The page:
Excerpt from Teleport-City located HERE

 

Image :    NOTE: The below Blu-ray captures were taken directly from the Blu-ray disc.

The Hammer Studio pirate film The Pirates of Blood River comes to Twilight Time Blu-ray in a single-layered, 1080P transfer with their usual high bitrate. It was also on DVD in the Icons of Adventure Collection, reviewed HERE. The visuals are strong in the 2.35:1 aspect ratio with rich colors and plenty of depth. No artifacts and some minor gloss/waxiness. The image is clean without speckles or marks. This Blu-ray gives a crisp, bright presentation - far in advance of SD. Very pleasing!

 

CLICK EACH BLU-RAY CAPTURE TO SEE ALL IMAGES IN FULL 1920X1080 RESOLUTION

 

 

 

 

 

 

 

 

 

 

 

 

 

 

 

 

 

 

 

 

 

Audio :

The DTS-HD Master 2.0 channel track at 2021 kbps (24-bit) sounds clean with a few richer moments in pushing the film's aggressive requirements in the form of gunfire, tree-felling and fist-fight/wrestling. The score is credited to Gary Hughes (The Devil-Ship Pirates) who did a few swashbucklers. It sounds solid in the lossless adding to the film's adventure traits and is also partially available in an isolated score track. There are optional English subtitles (sample above) and my Oppo has identified it as being a region FREE.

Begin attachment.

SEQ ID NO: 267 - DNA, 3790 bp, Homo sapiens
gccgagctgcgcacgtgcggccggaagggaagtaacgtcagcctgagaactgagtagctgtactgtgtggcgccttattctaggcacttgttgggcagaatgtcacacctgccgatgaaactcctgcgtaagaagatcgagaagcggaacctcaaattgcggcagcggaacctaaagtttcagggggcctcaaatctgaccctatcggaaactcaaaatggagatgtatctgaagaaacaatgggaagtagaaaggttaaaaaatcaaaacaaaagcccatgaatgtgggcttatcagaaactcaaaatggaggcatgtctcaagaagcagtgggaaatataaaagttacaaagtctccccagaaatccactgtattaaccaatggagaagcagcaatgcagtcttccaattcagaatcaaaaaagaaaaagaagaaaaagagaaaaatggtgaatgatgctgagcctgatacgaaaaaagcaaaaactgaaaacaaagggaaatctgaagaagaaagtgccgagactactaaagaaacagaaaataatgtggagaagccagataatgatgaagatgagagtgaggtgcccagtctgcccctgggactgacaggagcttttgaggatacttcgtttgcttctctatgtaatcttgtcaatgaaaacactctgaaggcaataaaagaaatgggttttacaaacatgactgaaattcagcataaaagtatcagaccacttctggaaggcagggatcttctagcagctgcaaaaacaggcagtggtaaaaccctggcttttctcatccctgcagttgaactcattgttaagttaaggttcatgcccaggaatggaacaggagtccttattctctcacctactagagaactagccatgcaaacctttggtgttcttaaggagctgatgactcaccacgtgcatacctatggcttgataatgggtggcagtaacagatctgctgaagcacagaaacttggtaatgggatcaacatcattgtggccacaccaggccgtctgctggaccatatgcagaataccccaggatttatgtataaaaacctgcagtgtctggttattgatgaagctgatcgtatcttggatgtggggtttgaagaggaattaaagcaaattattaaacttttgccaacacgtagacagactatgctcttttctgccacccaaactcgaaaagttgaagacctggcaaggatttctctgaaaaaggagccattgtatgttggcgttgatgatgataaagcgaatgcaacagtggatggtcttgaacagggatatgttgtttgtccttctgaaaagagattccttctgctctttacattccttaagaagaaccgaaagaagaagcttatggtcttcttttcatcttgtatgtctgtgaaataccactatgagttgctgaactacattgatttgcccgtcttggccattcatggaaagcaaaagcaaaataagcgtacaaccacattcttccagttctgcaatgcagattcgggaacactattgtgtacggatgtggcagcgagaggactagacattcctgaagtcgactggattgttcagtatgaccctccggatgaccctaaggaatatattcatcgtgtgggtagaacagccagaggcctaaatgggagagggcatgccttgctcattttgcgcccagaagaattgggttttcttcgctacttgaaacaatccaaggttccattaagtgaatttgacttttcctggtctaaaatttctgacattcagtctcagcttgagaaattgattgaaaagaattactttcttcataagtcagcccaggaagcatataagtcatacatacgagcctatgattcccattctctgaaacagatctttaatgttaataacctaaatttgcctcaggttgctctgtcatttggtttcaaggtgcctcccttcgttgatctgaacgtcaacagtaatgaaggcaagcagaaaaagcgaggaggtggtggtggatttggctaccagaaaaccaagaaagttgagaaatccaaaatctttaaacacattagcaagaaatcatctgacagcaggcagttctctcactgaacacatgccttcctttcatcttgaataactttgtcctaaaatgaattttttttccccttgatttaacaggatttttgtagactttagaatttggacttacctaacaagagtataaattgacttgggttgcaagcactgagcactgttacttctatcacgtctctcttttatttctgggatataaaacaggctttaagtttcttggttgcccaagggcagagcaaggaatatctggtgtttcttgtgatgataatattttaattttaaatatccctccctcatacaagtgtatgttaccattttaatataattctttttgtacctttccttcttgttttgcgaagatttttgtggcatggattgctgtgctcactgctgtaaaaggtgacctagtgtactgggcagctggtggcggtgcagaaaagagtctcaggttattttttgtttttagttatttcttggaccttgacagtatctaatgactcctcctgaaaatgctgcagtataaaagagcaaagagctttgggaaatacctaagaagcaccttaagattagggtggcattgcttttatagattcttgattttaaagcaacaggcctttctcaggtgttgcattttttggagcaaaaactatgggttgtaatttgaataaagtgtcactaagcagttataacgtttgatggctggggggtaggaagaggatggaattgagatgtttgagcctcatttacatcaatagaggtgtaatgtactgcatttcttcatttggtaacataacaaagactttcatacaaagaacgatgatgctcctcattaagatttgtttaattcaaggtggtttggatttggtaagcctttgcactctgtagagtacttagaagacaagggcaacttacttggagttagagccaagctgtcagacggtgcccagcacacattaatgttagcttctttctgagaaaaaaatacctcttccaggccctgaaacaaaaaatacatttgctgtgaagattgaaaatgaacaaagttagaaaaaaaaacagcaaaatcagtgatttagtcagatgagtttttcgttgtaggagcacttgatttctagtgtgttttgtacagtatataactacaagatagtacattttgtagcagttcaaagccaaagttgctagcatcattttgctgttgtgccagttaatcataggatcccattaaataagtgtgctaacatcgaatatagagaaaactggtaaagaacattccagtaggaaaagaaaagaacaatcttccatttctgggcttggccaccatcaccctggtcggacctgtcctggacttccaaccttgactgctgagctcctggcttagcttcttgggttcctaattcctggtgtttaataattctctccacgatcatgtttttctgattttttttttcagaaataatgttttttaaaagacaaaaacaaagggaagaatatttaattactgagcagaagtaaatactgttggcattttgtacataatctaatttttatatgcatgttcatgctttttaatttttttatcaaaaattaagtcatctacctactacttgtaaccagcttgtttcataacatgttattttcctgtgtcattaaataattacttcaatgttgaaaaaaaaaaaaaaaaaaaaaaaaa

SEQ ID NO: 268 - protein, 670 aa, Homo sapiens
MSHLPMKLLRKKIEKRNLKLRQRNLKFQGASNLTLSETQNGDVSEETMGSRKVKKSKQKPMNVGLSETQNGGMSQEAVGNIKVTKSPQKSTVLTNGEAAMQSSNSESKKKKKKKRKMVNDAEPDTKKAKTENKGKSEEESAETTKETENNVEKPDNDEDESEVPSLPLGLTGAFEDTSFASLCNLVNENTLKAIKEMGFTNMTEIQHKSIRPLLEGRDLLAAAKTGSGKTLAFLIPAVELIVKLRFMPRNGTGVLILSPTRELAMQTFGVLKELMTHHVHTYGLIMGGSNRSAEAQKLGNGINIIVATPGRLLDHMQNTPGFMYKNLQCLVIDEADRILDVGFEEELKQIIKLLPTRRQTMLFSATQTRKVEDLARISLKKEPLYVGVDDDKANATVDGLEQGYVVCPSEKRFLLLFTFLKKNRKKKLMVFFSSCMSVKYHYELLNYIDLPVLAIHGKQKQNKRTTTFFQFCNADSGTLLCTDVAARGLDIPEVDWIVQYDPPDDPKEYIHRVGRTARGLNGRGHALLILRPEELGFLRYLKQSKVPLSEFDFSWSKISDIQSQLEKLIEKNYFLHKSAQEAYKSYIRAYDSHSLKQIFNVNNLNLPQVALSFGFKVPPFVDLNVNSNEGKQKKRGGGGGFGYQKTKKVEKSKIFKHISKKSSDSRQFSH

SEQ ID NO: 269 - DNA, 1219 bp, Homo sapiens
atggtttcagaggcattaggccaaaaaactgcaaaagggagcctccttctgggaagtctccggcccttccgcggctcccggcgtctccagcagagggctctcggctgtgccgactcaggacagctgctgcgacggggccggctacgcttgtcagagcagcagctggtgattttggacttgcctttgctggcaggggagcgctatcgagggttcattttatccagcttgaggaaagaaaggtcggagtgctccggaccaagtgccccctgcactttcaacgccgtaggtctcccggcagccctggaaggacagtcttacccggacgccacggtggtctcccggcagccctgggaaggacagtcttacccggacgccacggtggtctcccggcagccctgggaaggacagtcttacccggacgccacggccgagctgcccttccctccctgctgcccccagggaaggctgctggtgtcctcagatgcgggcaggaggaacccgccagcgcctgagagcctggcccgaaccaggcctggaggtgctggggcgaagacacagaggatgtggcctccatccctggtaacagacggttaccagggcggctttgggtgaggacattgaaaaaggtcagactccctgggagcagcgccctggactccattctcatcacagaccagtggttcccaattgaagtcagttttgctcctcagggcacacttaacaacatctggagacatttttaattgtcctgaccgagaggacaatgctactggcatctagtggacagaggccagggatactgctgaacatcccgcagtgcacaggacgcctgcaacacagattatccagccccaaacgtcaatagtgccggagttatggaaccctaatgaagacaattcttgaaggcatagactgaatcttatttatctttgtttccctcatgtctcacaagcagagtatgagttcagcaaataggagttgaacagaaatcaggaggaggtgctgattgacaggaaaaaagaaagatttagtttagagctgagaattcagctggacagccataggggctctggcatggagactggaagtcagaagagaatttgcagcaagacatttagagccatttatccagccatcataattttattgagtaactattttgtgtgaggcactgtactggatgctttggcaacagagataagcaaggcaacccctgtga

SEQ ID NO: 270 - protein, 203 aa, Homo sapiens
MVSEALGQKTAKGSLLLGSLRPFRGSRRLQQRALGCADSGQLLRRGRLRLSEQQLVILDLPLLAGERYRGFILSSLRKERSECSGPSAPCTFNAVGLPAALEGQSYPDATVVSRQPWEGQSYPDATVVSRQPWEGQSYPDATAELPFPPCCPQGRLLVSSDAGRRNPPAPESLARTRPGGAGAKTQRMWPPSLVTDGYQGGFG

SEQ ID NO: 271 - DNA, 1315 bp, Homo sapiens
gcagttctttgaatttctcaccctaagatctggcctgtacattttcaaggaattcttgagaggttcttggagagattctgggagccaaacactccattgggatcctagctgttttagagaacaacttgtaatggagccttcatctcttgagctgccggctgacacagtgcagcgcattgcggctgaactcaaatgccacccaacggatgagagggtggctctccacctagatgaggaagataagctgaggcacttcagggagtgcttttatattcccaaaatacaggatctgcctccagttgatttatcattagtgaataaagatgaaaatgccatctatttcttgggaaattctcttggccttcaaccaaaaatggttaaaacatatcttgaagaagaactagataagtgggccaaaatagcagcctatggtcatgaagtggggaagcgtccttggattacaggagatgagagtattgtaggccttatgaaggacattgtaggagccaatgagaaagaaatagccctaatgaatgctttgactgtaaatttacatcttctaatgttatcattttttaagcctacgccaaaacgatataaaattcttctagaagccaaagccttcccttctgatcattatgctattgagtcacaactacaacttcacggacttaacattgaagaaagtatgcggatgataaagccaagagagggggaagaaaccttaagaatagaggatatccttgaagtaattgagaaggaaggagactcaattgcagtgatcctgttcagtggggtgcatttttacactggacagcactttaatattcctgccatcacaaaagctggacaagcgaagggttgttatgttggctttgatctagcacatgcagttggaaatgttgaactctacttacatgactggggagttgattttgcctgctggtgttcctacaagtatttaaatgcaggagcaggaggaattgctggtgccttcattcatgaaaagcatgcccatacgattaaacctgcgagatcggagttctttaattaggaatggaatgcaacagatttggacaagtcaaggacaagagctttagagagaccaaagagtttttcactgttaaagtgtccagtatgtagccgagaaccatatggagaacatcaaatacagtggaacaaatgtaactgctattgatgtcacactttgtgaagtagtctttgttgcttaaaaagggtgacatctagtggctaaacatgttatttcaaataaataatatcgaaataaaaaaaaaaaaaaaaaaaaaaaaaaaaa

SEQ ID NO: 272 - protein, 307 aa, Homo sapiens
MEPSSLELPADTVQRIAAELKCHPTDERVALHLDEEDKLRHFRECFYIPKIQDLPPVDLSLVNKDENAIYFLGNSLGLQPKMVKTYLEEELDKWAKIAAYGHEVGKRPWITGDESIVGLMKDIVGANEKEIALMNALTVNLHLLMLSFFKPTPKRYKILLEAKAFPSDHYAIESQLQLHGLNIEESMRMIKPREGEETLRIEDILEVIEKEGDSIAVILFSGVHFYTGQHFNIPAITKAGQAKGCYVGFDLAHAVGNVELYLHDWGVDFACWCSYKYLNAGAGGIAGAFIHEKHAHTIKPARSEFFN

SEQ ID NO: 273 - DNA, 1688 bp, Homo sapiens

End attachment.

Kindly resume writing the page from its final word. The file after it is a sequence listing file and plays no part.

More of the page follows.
Extras :

Twilight Time include a good, if a bit scattered, older audio commentary (from 2008) with writer Jimmy Sangster, art director Don Mingaye, moderated by film historian Marcus Hearn. It's quite revealing and I really enjoyed the discussion. There is also a trailer, Twilight Time's usual isolated music track and the package has liner notes by Julie Kirgo.

 

 

BOTTOM LINE:
The Pirates of Blood River is a Hammer Studios adventure and has Sinbad, Kerwin Matthews, Christopher Lee, Glenn Corbett (ToS's Zefram Cochrane) and, briefly, Hammer werewolf, Oliver Reed. What's not to love! The Twilight Time Blu-ray provides a 1080P a/v transfer for the film and includes a commentary. The film is extremely entertaining - probably more passive in terms of excessive violence and Hammer gals than fans of the genre might expect. But it has the charm with Lee and a less-explored genre. I loved it! 

Gary Tooze

October 27th, 2017